Pricey, but worth it.
MacMice Rating: 4.5 out of 5
I have more experience testing, reviewing, and using FireWire external drives than do most people on the planet. I know a fine product when I see one, and I have tremendous respect for companies that go the extra distance and expense to deliver a first class out-of-box experience. My G3 iMac 400 DV is no match for David’s new monster G4, but within a few minutes of using this LaCie evaluation unit I began to take for granted its excellent design and speed. Quantitative tests are almost irrelevant at G3/FireWire400 transfer speeds, yet I sensed Big Disk moving everything faster and opening all files more quickly than any previous drives that passed through MyMac.com labs.
To reiterate and expand on David’s well-considered comments above:
* Cost, weight, and capacity are massive, but desktop footprint is modest when Big Disk stands on its perfectly balanced metal footplate. Use it!
* Remember when 1GB seemed like so much hard disk space you could fill it with years’ worth of multimedia files? Big Disk does contain a lot of storage, but you will soon fill it simply because you’ll feel the need to do so. Start saving!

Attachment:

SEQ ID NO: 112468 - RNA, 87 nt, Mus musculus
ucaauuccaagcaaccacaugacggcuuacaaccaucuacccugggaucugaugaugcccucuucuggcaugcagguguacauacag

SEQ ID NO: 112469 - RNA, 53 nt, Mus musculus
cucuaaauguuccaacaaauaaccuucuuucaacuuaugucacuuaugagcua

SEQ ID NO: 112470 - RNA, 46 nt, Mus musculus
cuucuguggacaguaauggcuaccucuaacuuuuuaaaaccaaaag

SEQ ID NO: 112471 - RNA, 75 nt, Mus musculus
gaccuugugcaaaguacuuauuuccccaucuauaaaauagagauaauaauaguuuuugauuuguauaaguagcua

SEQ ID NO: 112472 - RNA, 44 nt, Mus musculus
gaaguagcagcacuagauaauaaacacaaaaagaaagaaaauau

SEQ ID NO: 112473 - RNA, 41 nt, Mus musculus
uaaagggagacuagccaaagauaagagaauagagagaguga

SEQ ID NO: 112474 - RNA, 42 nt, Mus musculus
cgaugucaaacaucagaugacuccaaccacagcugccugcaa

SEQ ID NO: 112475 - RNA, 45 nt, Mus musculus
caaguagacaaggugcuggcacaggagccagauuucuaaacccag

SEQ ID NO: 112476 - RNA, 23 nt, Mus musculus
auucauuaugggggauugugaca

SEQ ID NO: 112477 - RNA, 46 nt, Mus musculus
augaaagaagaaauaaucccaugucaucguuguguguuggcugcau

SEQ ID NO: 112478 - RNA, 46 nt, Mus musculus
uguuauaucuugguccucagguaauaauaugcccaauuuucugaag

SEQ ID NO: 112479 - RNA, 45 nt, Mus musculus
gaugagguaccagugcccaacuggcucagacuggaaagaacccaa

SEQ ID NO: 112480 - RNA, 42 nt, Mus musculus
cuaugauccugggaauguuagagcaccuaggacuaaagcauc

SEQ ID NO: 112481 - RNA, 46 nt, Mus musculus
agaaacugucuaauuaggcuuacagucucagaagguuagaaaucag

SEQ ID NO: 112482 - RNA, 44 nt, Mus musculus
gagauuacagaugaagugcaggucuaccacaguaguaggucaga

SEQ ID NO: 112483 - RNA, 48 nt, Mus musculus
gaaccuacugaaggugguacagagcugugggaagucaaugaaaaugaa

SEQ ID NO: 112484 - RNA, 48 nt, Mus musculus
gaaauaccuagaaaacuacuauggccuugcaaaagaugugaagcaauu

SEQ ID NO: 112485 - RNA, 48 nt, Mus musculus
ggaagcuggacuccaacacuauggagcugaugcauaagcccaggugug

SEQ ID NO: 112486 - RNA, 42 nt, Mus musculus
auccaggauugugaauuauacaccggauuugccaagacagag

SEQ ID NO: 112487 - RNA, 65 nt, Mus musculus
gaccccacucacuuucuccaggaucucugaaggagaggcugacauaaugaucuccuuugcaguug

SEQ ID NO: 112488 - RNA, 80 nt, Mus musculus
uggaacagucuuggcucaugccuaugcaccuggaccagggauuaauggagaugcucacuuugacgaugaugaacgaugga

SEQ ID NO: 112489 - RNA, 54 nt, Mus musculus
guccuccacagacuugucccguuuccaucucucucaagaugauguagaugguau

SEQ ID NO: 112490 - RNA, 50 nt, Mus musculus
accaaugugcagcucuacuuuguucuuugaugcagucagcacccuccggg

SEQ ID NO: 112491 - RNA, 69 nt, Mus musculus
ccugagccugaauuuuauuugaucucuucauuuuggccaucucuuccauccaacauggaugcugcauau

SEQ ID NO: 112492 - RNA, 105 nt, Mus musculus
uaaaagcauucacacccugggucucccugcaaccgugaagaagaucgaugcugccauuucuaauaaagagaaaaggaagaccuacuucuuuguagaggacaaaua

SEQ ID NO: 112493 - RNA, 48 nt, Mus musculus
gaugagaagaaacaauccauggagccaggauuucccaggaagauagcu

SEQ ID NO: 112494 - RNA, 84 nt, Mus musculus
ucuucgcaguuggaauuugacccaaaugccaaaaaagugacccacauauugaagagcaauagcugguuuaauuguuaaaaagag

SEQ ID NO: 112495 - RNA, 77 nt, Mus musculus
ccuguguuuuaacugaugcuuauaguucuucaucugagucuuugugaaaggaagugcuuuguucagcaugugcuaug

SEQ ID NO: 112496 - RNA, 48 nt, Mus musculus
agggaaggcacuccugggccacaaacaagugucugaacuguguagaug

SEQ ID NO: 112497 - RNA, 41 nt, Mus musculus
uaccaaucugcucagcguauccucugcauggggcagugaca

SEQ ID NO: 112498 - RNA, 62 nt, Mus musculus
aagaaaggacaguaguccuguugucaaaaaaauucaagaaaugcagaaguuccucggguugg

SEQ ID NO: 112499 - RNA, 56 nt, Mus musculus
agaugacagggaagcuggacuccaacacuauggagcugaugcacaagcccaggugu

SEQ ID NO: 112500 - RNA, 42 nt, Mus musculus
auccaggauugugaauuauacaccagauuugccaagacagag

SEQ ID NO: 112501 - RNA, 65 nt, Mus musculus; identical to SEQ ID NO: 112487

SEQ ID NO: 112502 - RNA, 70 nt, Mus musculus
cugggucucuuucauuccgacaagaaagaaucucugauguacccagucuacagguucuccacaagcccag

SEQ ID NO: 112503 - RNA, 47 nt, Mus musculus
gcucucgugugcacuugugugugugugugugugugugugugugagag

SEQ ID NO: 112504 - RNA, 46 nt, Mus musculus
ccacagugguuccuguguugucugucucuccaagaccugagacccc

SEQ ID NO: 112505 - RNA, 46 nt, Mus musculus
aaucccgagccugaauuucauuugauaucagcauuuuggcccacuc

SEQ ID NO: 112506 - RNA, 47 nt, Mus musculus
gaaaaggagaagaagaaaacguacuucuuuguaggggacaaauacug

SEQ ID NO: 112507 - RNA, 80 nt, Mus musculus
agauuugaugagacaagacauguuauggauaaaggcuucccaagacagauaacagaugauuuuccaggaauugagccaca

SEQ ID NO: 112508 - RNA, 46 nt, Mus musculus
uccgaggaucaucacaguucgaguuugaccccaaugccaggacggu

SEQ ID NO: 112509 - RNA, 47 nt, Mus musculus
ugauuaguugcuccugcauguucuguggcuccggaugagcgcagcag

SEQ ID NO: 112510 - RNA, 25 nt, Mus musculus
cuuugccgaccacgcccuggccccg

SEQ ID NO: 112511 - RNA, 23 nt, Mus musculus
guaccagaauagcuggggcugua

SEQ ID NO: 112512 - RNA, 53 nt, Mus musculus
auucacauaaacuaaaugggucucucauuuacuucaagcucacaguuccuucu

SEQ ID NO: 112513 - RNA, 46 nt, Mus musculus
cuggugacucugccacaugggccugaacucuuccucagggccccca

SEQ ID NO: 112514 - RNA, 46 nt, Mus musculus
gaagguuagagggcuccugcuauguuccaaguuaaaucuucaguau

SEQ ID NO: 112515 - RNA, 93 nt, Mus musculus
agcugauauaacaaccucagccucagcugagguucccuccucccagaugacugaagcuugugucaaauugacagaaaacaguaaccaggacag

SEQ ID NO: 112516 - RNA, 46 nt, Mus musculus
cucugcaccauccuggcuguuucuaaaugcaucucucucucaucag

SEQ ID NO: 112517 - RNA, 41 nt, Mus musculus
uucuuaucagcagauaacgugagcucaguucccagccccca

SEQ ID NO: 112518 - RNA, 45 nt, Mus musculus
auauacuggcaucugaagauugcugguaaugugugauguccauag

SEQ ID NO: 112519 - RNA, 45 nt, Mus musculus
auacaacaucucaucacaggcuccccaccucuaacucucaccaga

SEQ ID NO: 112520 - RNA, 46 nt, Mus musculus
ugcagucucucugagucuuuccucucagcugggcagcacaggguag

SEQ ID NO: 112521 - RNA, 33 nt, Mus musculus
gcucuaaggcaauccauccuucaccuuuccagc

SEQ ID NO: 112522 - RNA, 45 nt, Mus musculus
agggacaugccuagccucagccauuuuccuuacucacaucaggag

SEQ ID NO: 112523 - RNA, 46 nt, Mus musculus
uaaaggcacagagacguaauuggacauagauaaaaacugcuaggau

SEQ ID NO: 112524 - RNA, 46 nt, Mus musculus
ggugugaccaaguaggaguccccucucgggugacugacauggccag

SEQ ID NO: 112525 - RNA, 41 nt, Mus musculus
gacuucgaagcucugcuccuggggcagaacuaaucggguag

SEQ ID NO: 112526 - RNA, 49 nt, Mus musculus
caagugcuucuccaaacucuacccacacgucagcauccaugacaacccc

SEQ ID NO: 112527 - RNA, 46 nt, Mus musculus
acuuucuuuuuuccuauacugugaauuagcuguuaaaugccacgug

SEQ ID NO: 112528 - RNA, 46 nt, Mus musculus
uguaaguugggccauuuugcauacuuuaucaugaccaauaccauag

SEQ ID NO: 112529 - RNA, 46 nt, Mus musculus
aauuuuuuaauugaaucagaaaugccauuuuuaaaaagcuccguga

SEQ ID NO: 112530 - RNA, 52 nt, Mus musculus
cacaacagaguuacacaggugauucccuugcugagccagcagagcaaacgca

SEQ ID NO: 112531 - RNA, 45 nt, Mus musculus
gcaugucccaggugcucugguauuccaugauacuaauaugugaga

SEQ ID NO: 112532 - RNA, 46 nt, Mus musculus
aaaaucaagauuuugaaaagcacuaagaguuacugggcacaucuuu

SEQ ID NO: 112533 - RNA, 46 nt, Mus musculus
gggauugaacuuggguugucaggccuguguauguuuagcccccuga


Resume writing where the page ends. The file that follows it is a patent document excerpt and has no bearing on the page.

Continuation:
* Ingenuity, versatility, and style add value to this single-purpose product; if those attributes matter to you, then the extra $$$ involved will be justified. Otherwise, wait for something cheaper later in the FireWire 800 product cycle. * LaCie doesn’t make many clunkers. Their goal is to be the industry standard in each category of hardware they enter. With few exceptions, Nemo considers LaCie products “best of class” in head to head comparisons. Just like David, I’ll find countless uses for LaCie’s d2 Big Disk until the eventual day when FedEx pulls our evaluation unit from my pleading arms. Highly recommended, rated at:
MacMice Rating: 5 out of 5
Fantastic product! Well worth your money and investment.
— David Weeks MyMac columnist and reviewer